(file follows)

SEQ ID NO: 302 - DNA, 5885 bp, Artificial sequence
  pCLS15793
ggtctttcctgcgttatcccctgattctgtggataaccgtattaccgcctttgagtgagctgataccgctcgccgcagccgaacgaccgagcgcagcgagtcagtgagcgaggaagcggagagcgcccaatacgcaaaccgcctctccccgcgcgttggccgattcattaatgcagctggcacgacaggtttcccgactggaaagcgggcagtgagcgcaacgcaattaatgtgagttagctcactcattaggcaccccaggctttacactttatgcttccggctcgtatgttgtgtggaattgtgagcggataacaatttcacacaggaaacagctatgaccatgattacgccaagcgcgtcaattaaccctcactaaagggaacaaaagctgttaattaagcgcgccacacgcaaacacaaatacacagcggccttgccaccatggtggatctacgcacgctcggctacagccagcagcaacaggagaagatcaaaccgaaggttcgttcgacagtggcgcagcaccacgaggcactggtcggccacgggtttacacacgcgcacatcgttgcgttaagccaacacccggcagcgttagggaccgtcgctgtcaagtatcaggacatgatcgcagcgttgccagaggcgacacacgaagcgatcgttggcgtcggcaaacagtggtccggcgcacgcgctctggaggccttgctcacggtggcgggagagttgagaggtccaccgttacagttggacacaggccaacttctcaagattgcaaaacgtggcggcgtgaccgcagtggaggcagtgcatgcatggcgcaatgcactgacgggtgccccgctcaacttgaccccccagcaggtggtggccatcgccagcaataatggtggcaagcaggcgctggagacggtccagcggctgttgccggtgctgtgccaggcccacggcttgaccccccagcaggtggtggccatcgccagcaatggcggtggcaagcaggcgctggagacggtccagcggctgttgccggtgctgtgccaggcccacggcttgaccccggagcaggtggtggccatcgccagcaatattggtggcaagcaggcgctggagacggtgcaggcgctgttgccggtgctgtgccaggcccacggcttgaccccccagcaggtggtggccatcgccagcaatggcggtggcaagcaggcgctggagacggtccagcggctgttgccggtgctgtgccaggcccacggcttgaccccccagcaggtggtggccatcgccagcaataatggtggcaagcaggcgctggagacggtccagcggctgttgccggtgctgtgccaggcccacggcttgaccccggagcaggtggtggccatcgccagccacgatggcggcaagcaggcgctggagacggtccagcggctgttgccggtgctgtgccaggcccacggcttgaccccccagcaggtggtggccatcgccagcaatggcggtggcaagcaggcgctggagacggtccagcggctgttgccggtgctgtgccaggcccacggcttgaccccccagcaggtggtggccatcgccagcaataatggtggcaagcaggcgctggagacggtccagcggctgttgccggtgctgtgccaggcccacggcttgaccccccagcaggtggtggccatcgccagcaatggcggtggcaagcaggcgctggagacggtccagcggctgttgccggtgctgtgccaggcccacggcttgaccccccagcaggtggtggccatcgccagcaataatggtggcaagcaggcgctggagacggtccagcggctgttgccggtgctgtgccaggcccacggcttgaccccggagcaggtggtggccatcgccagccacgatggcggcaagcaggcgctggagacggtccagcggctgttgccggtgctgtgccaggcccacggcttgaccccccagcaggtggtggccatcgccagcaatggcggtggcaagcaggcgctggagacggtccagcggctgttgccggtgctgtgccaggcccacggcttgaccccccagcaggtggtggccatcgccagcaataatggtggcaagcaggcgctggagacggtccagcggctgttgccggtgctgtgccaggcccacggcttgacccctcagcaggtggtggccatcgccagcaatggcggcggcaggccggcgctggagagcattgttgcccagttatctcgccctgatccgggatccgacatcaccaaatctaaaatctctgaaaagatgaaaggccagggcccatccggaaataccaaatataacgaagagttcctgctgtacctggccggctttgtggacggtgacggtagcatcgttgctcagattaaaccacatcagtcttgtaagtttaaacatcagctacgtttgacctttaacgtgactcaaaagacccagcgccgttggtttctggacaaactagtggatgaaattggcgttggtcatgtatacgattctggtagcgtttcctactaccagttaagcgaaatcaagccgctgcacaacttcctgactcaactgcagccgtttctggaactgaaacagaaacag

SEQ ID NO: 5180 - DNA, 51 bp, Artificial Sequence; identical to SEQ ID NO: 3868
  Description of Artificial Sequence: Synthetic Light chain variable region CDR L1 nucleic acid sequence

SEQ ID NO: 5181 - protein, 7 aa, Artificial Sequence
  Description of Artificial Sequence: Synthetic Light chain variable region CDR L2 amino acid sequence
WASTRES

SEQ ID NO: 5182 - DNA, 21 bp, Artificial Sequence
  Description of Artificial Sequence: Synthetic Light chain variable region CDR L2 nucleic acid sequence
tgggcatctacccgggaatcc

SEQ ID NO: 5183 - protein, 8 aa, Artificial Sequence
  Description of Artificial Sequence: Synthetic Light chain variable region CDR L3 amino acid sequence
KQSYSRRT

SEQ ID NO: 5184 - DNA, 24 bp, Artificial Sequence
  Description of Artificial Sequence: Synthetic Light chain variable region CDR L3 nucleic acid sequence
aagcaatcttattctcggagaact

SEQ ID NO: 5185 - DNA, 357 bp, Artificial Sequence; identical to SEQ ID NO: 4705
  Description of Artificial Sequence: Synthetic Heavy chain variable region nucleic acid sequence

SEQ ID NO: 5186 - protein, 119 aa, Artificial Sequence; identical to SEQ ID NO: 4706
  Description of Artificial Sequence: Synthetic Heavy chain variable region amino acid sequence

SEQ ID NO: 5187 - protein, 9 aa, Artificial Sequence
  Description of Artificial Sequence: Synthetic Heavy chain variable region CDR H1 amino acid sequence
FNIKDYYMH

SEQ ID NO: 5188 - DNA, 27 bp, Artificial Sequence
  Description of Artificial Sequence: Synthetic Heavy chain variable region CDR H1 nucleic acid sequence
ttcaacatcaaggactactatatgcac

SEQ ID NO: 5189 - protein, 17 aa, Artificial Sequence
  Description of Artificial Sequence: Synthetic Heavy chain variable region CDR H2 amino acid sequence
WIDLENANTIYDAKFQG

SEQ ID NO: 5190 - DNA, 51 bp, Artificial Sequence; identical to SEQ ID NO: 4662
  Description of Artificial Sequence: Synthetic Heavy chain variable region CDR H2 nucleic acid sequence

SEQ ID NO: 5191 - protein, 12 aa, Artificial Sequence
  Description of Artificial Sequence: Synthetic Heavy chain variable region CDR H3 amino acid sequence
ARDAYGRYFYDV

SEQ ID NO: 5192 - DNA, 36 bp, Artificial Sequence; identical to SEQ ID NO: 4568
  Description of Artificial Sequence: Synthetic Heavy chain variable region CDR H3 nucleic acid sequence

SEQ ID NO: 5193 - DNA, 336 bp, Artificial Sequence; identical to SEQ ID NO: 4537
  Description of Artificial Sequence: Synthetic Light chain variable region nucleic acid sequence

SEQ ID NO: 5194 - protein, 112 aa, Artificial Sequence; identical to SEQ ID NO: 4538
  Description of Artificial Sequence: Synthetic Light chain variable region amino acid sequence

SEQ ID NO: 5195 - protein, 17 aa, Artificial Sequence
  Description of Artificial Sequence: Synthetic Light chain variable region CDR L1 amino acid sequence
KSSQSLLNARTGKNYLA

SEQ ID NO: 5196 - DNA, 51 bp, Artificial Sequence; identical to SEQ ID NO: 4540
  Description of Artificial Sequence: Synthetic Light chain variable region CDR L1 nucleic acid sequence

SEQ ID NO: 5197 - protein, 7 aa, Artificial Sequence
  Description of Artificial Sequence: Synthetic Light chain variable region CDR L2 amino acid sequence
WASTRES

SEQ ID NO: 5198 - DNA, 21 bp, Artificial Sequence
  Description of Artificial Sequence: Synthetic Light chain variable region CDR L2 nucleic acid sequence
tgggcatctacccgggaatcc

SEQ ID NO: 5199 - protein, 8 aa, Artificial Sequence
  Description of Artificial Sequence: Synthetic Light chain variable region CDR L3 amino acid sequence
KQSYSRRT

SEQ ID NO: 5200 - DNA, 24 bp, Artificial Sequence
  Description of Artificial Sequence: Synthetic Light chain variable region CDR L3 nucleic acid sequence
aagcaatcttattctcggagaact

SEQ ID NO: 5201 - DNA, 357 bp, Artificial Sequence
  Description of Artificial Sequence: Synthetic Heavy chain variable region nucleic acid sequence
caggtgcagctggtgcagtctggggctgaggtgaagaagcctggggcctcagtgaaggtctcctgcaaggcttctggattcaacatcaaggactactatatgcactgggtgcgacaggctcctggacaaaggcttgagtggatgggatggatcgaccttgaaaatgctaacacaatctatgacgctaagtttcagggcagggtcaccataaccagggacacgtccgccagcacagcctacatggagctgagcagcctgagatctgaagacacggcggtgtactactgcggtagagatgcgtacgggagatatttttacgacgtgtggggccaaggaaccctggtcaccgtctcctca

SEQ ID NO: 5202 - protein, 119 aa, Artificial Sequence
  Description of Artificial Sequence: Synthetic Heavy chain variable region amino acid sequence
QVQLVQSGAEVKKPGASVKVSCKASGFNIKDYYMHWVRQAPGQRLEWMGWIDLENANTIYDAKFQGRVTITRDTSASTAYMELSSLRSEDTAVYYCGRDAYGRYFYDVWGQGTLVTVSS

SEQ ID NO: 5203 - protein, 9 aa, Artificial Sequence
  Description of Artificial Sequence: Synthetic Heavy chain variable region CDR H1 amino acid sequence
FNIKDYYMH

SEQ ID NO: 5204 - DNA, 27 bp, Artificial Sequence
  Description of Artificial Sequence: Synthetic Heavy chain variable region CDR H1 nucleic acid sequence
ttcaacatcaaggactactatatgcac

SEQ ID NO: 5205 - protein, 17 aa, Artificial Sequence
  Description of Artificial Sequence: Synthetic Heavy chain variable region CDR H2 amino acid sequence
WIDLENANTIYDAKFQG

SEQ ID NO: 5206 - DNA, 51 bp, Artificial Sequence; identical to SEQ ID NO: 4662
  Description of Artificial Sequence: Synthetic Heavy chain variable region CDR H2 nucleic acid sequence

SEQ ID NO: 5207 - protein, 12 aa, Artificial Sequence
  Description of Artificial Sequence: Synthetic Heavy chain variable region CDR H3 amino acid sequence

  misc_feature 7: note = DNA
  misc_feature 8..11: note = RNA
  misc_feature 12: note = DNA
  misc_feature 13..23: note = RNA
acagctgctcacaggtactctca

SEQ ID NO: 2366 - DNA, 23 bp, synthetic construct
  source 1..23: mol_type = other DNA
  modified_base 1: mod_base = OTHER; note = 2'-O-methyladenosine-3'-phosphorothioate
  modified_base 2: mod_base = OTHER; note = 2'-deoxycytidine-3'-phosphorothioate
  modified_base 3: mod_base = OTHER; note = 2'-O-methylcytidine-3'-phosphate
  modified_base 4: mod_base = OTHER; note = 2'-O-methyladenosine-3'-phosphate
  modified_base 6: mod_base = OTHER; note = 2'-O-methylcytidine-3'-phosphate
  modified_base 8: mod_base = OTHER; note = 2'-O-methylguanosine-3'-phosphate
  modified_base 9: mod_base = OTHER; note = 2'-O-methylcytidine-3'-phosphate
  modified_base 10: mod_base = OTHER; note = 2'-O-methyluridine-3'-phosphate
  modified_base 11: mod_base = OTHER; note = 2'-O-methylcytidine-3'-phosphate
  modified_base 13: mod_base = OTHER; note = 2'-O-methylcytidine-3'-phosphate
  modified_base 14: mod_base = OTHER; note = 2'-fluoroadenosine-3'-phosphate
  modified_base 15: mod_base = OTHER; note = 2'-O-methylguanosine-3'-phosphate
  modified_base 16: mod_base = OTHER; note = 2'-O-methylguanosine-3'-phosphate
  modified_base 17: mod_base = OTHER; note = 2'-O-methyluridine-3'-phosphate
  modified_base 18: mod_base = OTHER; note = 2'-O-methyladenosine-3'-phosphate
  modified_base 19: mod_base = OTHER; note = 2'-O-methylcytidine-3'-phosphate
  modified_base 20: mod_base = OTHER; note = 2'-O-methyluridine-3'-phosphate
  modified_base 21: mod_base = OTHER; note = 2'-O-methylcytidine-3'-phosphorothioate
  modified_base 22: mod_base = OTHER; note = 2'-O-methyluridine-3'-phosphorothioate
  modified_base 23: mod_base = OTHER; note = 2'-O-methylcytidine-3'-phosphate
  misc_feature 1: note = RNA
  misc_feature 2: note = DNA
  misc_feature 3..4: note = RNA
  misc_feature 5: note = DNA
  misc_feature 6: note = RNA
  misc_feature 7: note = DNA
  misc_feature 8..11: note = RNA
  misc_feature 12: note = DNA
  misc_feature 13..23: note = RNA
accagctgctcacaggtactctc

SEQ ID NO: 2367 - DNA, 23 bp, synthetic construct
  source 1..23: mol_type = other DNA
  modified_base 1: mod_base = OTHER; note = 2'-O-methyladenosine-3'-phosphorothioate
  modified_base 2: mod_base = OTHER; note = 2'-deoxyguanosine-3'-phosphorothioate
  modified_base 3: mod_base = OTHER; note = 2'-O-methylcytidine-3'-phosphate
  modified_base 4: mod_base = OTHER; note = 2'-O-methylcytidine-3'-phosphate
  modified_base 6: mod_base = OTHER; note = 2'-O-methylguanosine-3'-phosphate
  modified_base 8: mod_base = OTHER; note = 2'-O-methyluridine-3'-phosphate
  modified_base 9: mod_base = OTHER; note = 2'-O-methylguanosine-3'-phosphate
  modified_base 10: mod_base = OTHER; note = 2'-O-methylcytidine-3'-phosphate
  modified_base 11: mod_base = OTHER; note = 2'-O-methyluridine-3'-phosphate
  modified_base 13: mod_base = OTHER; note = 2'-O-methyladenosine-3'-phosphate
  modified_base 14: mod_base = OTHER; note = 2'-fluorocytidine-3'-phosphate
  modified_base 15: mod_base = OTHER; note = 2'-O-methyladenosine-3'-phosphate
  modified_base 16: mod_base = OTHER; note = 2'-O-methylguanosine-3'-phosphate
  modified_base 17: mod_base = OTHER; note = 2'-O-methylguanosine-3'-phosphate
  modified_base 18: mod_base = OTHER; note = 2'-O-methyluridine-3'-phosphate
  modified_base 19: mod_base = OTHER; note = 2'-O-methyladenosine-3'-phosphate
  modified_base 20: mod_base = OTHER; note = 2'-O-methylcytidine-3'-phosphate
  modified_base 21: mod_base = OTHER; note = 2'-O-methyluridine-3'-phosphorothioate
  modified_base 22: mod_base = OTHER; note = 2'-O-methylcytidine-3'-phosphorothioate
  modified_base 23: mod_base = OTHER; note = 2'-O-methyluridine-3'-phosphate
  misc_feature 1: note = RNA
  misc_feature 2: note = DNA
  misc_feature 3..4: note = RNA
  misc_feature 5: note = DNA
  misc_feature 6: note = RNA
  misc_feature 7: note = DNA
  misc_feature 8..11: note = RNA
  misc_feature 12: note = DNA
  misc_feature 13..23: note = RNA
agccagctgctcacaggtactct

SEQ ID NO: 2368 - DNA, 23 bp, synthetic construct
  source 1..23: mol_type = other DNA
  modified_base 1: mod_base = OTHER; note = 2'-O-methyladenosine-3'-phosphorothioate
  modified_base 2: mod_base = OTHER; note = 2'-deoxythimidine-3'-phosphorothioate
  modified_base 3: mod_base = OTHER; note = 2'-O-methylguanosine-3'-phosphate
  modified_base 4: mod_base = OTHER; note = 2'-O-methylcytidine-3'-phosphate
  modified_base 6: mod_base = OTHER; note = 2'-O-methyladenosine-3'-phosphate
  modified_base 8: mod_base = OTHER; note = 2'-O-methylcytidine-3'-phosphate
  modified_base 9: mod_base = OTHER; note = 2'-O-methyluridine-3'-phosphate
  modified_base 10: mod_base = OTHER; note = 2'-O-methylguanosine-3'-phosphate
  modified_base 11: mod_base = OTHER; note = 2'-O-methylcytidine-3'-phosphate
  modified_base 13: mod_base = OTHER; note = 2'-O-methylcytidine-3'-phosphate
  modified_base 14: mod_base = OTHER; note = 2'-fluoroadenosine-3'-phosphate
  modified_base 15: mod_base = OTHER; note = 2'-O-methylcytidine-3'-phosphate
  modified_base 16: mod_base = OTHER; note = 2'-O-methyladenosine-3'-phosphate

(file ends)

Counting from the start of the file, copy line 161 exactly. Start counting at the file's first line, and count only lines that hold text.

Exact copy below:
  modified_base 16: mod_base = OTHER; note = 2'-O-methyladenosine-3'-phosphate